Almost all refuse to stay in the south of the EU. They push north. A general impression is that these refugees have been welfare shopping. A few weeks ago a contingent of them refused to disembark from a ferry in Denmark, which has slashed its welcome benefits by half. When compelled to leave the vessel, they proceeded by foot, bicycle, train, and taxi to Sweden, which has maintained its generous subsidies. For similar reasons, they tend to spurn France in favor of England. London is viewed as more bountiful than Paris. Some travelers are detained by the authorities, including in the infamous “Jungle” camp of Calais. The situation is so dire that the bureaucrats even consider establishing filtration, or intermediate camps for prospective migrants in Niger. That may perhaps attract some sub-Saharan African asylum seekers but others are not fooled. They want their feet planted firmly on EU territory.
At the end of August, Dr. Marek Jan Chodakiewicz returned from a lecture circuit in Europe, which has become an annual Kościuszko Chair of Polish Studies tradition. The lecture series was dubbed “The Thoughts of a Free Pole” to emphasize the importance of liberty – i.e. active initiative vs. slavish passivity – in the struggle to overcome communist and post-communist pathologies.
During his three-week tour, Dr. Chodakiewicz spoke in many cities in Poland, including: Warsaw, Łódź (where he discussed post-communist “transformation”), Wrocław, Bełchatów, and Łomża. The holder of the Kościuszko Chair also delivered lectures in London (UK) and Dublin (Ireland), where he discussed the history of Polish-Jewish relations in Poland in 1918 – 1955.
For an additional video of Dr. Chodakiewicz’s lecture in Warsaw, please click here.
To watch an interview with Dr. Chodakiewicz about nuclear weapons and the Intermarium, please click here.
In his “Eastern Europe’s Crisis of Shame” (September 13, https://www.project-syndicate.org/commentary/eastern-europe-refugee-crisis-xenophobia-by-jan-gross-2015-09#exDBTojqcQWlmRlB.99) Princeton’s sociologist Jan Tomasz Gross chastised Eastern European nations, Poland in particular, for failing to address the current Middle Eastern refugee crisis properly. According to him, Poland has rejected the migrants. To provide a moral dimension and a historical context to contemporary developments, Gross opined that “the Poles… actually killed more Jews than Germans during the war.” Neither his historical musings nor his understanding of the current crisis square with the facts.
A New York newspaper has asked Dr. Marek Jan Chodakiewicz to comment:
Jan Tomasz Gross writes nonsense. However, he does regurgitate a thesis that has enjoyed a long currency among a few Jewish ethnonationalist historians. For example, Reuben Ainsztein stated some years ago that “during the [Warsaw 1944] uprising Polish fascists killed most likely more Jews than Germans.” (See his Jewish Resistance in Nazi-occupied Eastern Europe, London 1974).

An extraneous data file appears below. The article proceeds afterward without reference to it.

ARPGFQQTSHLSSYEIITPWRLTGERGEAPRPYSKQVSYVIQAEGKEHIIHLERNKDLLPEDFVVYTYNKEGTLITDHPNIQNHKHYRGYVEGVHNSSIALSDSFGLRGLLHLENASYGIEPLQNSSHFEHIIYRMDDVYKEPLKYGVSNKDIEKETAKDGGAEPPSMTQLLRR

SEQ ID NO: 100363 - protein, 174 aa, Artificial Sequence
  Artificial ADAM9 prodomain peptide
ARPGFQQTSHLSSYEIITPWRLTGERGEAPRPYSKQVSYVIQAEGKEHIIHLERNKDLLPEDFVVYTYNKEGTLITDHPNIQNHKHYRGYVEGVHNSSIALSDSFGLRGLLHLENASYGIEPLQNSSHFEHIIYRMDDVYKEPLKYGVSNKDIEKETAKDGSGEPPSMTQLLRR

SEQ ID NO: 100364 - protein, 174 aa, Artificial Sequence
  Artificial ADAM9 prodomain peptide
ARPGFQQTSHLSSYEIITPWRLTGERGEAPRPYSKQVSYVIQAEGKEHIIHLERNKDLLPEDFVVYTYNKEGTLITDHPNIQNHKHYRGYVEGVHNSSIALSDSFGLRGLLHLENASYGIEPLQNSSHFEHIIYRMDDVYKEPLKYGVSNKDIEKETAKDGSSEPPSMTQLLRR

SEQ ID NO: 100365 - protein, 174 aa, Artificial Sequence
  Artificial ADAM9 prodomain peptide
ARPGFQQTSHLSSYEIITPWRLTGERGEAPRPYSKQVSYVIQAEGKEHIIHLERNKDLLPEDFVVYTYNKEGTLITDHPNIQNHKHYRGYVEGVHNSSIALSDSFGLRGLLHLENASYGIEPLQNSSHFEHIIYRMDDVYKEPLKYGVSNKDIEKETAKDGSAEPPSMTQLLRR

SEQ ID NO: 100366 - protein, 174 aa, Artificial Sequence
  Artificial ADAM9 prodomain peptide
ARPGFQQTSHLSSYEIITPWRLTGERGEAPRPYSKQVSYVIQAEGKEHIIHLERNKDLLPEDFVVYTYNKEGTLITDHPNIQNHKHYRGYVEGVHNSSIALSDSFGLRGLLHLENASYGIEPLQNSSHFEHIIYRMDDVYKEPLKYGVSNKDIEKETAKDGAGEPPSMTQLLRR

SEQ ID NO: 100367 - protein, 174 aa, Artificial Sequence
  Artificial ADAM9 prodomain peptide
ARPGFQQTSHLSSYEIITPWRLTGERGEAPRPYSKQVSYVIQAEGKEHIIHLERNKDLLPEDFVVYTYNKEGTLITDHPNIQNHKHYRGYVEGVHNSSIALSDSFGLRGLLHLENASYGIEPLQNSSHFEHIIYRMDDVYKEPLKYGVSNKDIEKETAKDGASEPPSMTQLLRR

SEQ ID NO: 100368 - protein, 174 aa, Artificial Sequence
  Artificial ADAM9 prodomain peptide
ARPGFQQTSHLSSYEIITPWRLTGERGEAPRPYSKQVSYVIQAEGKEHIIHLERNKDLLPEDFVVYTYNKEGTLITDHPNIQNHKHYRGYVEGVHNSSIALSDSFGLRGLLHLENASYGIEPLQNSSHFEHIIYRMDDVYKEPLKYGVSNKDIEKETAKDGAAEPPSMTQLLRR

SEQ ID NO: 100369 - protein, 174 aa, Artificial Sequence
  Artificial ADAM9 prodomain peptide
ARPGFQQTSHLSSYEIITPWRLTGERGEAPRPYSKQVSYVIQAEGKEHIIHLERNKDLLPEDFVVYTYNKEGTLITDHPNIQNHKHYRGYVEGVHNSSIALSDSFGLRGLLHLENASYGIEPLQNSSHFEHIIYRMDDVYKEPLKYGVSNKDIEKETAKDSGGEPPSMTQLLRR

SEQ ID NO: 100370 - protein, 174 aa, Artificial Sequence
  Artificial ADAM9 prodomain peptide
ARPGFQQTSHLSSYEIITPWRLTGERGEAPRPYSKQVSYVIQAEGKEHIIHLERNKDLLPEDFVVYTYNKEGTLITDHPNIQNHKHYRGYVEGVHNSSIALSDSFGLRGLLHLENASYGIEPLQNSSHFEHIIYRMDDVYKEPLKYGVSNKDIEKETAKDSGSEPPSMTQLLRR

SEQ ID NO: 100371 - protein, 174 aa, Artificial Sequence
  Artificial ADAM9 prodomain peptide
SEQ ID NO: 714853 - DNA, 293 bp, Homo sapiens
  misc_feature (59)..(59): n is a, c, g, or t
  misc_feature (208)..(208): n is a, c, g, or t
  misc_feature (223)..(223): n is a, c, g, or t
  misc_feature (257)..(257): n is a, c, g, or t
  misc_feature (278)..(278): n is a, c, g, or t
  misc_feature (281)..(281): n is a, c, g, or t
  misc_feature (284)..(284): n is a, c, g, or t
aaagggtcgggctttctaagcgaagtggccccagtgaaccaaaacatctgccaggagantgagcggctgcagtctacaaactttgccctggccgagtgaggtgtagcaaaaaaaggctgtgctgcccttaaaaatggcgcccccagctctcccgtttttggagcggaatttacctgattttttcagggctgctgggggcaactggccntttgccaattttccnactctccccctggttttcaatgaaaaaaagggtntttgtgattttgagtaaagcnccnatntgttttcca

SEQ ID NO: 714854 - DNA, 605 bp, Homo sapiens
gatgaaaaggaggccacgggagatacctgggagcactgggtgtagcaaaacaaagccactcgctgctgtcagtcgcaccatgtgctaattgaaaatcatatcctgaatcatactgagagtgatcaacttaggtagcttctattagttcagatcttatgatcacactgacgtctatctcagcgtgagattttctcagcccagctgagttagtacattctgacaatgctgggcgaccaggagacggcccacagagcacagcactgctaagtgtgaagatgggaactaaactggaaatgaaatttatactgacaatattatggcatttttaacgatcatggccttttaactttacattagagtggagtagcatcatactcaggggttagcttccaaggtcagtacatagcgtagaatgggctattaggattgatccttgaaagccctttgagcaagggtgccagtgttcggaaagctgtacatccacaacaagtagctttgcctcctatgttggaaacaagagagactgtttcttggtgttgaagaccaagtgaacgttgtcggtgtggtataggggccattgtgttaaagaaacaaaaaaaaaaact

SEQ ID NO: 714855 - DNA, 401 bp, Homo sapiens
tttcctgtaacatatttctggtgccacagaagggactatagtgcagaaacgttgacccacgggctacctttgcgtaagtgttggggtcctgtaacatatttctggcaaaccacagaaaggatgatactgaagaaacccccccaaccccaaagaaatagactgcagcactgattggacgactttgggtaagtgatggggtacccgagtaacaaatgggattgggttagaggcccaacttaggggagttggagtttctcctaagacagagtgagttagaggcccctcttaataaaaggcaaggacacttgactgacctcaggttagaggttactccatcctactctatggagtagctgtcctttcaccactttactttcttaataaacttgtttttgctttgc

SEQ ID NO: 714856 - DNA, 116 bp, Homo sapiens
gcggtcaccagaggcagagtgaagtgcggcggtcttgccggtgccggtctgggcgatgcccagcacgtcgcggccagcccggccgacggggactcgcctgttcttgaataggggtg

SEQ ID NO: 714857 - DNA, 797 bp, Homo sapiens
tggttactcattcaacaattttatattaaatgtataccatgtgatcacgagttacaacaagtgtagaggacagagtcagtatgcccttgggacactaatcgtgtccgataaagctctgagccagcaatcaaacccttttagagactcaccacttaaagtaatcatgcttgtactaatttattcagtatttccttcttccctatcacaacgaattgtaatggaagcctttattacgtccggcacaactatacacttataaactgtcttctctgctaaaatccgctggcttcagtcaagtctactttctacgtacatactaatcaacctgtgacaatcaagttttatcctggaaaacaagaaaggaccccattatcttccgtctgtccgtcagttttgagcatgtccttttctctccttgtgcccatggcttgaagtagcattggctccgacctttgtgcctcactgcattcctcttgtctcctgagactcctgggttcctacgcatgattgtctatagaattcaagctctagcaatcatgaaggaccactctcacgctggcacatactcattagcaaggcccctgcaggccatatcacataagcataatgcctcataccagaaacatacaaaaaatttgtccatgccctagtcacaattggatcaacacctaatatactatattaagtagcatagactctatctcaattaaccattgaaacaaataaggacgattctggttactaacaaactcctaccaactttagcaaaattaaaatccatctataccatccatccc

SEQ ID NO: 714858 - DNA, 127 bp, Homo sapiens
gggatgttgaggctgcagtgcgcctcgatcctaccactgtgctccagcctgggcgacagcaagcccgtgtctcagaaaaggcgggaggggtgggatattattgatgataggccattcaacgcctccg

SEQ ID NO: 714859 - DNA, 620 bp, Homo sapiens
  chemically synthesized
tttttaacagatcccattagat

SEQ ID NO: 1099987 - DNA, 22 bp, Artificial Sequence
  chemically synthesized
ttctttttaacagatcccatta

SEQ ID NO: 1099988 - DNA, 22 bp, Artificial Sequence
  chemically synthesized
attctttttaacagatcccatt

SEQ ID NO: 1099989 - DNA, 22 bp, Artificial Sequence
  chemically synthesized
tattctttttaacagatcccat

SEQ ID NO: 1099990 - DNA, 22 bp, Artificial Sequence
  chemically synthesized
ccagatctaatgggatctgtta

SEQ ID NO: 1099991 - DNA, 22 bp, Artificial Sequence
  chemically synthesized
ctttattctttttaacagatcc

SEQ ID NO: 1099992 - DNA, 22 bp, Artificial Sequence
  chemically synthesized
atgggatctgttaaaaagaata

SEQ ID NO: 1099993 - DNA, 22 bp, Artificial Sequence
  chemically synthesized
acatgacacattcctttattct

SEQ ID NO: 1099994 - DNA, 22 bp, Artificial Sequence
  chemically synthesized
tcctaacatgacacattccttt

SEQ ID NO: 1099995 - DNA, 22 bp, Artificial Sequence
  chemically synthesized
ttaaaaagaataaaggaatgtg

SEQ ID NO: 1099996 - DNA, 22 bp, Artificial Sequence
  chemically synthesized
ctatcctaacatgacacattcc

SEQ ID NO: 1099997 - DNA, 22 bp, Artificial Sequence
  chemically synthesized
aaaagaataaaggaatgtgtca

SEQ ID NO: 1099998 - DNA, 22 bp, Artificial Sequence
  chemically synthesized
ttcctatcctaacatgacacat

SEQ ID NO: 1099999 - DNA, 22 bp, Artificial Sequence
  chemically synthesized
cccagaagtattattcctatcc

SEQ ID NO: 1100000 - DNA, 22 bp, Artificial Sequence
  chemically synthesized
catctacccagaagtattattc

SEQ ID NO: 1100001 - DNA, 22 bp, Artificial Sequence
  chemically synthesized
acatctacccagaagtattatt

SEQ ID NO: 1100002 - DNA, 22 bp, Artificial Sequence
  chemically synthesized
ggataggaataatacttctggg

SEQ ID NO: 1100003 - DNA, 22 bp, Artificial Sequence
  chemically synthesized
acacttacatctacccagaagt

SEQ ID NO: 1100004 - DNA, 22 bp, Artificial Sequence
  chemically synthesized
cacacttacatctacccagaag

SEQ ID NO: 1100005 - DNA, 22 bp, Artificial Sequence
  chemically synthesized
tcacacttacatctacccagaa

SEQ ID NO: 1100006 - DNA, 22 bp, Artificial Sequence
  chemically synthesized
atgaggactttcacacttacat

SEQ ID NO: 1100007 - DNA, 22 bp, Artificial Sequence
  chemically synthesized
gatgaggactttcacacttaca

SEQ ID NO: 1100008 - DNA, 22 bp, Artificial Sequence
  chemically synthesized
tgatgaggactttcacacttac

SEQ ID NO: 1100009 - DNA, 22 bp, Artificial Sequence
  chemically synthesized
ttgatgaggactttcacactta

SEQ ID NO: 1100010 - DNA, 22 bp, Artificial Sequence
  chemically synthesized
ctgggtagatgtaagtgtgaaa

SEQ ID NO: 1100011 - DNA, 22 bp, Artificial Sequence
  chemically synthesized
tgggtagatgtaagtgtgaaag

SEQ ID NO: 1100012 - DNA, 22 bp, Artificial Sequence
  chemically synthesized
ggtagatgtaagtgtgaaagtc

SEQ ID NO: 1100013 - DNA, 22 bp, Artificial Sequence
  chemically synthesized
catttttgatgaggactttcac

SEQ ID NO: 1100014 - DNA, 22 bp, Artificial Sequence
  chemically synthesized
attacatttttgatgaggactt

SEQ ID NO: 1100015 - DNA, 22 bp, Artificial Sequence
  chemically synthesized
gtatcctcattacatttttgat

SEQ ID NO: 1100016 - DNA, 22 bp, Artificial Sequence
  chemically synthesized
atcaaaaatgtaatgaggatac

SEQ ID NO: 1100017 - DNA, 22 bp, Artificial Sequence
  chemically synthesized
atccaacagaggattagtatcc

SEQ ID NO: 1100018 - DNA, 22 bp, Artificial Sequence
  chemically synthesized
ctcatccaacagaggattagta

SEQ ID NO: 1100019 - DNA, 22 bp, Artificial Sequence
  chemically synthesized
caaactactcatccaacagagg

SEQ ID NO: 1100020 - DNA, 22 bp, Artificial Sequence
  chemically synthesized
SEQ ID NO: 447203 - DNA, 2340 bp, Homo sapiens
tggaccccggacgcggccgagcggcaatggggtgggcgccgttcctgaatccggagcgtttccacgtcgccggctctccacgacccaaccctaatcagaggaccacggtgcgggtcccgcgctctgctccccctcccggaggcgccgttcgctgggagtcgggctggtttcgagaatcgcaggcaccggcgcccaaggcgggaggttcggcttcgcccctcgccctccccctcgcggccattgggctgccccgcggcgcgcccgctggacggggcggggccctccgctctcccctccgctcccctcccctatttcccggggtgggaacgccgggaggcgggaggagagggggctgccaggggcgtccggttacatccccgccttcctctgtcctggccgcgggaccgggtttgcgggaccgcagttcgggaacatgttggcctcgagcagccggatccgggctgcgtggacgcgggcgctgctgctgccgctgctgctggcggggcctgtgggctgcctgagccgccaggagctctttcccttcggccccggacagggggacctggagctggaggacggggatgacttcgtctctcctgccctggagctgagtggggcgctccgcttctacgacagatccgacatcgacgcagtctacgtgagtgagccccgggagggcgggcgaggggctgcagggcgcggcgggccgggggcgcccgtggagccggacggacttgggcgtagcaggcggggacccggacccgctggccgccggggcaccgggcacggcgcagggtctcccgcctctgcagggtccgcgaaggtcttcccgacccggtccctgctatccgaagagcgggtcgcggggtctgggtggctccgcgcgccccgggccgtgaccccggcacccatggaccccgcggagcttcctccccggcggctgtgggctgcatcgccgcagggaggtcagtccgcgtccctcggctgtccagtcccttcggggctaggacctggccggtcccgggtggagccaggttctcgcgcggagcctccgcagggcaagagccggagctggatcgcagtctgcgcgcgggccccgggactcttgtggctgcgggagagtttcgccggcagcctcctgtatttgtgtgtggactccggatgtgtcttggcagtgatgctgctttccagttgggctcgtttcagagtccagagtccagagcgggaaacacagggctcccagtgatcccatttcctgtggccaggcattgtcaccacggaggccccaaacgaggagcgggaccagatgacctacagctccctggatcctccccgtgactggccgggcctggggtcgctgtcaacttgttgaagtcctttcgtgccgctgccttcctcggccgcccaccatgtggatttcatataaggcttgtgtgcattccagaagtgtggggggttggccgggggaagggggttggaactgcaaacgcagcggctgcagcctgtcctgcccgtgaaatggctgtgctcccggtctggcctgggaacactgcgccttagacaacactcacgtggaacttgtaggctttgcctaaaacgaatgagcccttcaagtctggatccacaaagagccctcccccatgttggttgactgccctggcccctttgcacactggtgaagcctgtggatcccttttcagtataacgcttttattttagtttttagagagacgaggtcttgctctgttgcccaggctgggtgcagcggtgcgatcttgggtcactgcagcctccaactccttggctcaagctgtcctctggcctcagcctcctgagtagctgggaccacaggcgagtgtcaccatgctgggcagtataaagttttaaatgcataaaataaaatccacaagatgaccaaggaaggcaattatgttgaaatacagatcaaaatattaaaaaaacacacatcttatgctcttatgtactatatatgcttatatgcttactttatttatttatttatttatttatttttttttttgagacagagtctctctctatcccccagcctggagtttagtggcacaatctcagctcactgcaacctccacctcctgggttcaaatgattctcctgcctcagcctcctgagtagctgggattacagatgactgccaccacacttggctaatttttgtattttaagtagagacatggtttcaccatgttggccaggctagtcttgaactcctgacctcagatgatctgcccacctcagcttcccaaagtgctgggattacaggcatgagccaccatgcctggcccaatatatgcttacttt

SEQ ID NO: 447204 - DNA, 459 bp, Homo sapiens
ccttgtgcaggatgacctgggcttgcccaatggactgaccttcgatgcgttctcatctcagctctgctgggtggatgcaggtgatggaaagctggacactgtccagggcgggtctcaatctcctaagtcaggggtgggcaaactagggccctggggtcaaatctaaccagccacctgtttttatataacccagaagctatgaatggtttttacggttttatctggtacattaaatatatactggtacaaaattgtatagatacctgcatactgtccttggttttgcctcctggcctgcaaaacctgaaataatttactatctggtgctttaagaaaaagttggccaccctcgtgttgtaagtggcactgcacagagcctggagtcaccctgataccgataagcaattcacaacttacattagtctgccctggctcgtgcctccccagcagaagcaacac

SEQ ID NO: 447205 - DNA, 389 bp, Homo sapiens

Let’s see. During the Warsaw Rising the Germans and their allies lost about 10,000 casualties. Thus, according to Ainsztein, the Polish Home Army (AK) must have killed over 10,000 Jews. Gross’s methodology is similarly unsound as it is based upon a spurious estimate that the Polish peasants killed allegedly 200,000 Jews during the war.
Further, such shoddy “scholarship” co-exists hand in glove with poor command of current affairs in Europe. Gross claims that Poland and other Eastern and Central European countries have refused to take refugees and, thus, “have revealed themselves to be intolerant, illiberal, xenophobic, and incapable of remembering the spirit of solidarity that carried them to freedom a quarter-century ago.” This is untrue. The Poles have welcomed refugees. According to the New York Times (30 May 2015), there are at least 400,000 Ukrainian war fugitives in Poland. Additional hundreds of thousands of migrants rotate through Poland for seasonal work to return home afterwards. What does the rest of Europe do for them?
As far as the Middle Eastern and African refugees are concerned,
- According to the Dublin Regulation (no. 604/2013), the first EU country to accept a migrant is responsible for his processing, maintenance, and settlement. Since most of them cross into Greece, Athens should take care of them.
- It is true that other nations should accept the refugees, in particular wealthy Arab states, including Saudi Arabia. They can afford it, and they should help their co-religionists in the first place.
- One could also suggest that Israel take them for humanitarian and logistical reasons. The Jewish state abuts Syria and has a long history of aid to foreign people in times of crisis (e.g., in Haiti). Perhaps a moral argument can be made that history dictates that Israel should render assistance to those in need since the Jewish people often had to count on others for help.
Moral blackmail with alleged Polish mass murders on the Jewish people is as morally flawed as endeavors to force Israel to settle Syrian refugees with a vicious propaganda campaign comparing Israeli policy toward the Palestinians to the Nazi measures against the Jews.
The case of J.T. Gross shows the frightful collapse of scholarly standards in the humanities and social sciences at a formerly prime institution of learning. Shame on Princeton.
Marek Jan Chodakiewicz